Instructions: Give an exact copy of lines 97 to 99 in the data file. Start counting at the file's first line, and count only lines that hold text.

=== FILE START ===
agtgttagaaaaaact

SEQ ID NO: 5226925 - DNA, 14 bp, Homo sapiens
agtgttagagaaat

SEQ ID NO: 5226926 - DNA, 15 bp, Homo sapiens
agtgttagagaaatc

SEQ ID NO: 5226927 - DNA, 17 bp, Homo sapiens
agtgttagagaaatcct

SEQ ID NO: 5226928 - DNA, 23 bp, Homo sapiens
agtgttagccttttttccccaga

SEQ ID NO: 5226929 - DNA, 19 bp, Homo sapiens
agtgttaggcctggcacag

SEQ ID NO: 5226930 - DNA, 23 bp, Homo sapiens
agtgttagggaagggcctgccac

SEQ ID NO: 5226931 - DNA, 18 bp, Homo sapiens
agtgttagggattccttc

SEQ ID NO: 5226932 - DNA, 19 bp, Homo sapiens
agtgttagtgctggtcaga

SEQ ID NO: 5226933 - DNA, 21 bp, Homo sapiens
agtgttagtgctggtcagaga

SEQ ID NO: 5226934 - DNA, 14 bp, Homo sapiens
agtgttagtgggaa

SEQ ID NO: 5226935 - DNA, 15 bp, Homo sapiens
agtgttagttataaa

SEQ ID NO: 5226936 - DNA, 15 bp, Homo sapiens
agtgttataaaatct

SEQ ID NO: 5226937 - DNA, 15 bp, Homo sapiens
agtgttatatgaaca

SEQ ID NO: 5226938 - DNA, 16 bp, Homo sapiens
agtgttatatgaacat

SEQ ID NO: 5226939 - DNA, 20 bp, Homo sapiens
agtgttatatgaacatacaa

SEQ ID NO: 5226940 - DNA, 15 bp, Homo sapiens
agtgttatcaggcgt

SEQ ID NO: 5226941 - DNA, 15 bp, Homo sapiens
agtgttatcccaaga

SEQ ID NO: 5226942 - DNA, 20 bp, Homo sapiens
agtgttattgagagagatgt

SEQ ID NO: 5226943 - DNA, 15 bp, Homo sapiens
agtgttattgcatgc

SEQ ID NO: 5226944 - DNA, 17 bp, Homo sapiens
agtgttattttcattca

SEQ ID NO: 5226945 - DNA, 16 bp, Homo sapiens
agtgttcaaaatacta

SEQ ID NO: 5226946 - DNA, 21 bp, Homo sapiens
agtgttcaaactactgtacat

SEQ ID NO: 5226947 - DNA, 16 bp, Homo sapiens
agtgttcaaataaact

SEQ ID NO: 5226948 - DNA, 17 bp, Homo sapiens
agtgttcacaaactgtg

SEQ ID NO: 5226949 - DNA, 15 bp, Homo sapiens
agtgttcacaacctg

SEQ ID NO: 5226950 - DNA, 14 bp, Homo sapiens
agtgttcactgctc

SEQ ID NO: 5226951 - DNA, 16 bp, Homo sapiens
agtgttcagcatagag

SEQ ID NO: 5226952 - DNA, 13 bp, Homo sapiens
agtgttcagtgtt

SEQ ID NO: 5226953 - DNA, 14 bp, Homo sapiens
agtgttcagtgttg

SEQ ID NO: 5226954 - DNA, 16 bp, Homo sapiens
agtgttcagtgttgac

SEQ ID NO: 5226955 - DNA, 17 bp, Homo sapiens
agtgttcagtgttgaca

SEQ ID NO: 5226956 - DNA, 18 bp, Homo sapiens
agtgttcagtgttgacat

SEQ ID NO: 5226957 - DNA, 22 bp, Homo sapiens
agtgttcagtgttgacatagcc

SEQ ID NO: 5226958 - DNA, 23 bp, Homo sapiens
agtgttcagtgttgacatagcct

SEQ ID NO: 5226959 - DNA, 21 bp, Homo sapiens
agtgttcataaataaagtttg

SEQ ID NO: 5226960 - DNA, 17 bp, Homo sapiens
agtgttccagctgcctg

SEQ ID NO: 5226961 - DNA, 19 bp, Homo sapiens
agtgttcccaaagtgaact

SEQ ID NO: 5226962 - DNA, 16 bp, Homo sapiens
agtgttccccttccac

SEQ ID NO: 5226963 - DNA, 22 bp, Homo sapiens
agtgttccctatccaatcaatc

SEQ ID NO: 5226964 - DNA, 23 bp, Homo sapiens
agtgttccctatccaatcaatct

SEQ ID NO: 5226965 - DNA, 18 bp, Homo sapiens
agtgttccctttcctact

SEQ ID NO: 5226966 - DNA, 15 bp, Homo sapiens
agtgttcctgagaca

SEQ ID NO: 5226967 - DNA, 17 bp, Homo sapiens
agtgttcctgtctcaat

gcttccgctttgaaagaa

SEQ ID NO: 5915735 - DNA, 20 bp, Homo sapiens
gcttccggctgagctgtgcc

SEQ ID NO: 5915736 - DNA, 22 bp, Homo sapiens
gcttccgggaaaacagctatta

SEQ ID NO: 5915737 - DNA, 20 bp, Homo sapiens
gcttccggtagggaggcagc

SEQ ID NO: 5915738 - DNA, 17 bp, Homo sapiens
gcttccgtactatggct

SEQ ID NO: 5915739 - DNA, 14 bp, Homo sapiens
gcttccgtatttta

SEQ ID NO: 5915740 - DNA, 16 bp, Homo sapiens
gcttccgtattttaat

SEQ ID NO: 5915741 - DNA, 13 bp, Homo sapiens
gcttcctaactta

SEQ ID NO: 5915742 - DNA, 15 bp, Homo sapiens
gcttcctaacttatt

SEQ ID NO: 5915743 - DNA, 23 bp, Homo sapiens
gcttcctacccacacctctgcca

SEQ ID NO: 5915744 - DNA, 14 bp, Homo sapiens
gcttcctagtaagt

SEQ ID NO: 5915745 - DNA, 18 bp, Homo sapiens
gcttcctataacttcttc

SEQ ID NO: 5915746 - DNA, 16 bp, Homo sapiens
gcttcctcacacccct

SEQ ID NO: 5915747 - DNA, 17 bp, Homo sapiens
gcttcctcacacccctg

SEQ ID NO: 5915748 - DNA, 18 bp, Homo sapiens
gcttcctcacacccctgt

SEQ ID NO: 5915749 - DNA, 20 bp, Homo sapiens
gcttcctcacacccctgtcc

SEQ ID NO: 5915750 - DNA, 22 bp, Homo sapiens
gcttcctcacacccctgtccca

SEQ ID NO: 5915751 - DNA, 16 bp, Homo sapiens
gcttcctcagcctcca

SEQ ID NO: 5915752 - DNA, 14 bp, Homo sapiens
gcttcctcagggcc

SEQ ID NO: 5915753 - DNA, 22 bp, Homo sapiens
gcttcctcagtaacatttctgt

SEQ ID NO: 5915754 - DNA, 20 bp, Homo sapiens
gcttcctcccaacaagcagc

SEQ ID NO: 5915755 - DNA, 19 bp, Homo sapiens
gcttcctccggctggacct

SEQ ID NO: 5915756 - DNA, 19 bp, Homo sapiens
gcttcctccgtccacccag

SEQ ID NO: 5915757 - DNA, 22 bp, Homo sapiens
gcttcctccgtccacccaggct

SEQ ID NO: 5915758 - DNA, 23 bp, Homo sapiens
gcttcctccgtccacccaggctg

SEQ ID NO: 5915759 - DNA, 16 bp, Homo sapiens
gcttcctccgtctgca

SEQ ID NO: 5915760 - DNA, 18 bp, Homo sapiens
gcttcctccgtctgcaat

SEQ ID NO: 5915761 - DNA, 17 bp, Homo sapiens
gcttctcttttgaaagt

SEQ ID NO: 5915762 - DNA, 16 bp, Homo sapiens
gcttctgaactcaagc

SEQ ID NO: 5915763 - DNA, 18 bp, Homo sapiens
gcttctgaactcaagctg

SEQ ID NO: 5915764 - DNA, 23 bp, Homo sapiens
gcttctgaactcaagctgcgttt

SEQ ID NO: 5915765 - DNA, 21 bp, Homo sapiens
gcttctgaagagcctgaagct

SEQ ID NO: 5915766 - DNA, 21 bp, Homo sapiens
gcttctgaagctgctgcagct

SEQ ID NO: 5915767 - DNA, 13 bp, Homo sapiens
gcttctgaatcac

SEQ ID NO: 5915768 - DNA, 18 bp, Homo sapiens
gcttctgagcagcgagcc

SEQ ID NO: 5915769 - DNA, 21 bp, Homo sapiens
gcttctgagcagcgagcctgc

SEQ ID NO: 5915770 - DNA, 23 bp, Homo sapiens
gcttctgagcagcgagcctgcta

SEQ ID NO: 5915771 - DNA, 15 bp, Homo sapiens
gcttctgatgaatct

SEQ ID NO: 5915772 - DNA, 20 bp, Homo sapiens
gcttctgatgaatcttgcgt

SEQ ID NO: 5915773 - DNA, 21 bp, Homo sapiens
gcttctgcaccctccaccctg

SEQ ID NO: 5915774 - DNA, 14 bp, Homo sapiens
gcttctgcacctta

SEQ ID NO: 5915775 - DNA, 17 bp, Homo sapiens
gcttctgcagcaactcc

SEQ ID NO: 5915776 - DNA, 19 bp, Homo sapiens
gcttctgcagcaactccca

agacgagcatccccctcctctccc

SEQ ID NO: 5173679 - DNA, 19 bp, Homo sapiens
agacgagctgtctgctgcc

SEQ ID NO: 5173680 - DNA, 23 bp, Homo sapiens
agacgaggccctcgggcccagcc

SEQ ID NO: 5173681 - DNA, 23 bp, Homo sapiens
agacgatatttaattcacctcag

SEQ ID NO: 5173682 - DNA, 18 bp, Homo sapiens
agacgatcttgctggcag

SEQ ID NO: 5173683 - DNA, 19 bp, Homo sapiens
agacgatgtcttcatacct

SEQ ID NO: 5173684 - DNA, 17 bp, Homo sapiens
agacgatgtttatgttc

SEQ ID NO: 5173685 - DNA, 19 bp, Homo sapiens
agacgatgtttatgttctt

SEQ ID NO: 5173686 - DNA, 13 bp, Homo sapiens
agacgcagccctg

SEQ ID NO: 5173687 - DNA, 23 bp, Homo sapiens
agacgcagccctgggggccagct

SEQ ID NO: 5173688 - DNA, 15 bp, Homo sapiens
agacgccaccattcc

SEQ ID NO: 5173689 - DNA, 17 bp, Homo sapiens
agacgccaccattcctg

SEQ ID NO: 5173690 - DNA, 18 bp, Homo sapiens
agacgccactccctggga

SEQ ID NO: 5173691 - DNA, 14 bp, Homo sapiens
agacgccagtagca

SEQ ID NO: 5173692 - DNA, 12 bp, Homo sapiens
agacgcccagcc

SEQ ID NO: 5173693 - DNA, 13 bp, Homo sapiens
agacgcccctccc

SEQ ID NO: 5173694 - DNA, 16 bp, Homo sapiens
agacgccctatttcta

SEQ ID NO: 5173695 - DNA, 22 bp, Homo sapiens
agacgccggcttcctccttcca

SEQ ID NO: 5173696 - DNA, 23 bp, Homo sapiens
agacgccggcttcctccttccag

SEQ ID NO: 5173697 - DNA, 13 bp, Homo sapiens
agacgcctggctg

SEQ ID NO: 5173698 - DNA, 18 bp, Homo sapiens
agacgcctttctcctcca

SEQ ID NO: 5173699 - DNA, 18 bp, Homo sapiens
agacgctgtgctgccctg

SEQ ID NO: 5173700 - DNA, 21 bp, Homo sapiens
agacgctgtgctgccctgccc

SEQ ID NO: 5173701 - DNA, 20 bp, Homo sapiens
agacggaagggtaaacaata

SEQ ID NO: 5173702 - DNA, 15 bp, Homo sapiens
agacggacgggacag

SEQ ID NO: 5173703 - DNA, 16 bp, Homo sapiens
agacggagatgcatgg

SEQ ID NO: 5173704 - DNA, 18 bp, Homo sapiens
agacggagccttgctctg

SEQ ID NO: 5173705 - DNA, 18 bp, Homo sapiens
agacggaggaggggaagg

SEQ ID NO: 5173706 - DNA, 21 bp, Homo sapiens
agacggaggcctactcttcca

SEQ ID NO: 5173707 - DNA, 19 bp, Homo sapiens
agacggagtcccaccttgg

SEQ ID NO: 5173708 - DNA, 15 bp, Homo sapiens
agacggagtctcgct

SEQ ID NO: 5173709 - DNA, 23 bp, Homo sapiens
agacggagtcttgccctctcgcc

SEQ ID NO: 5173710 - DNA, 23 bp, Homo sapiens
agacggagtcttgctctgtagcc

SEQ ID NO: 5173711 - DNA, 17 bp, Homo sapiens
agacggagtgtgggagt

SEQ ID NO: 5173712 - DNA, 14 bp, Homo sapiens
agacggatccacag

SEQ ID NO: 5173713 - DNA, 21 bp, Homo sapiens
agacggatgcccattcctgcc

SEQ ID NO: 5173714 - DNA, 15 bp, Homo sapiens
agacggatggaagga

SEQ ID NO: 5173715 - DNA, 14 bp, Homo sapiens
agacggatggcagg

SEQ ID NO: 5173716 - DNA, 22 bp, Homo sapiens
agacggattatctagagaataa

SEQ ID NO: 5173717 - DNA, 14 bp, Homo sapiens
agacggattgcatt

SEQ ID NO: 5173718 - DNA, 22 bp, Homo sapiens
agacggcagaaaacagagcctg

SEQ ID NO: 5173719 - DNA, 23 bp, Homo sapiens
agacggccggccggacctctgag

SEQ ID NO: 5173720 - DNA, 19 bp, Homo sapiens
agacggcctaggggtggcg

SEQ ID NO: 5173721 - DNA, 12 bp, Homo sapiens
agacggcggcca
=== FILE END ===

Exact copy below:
SEQ ID NO: 5915739 - DNA, 14 bp, Homo sapiens
gcttccgtatttta

SEQ ID NO: 5915740 - DNA, 16 bp, Homo sapiens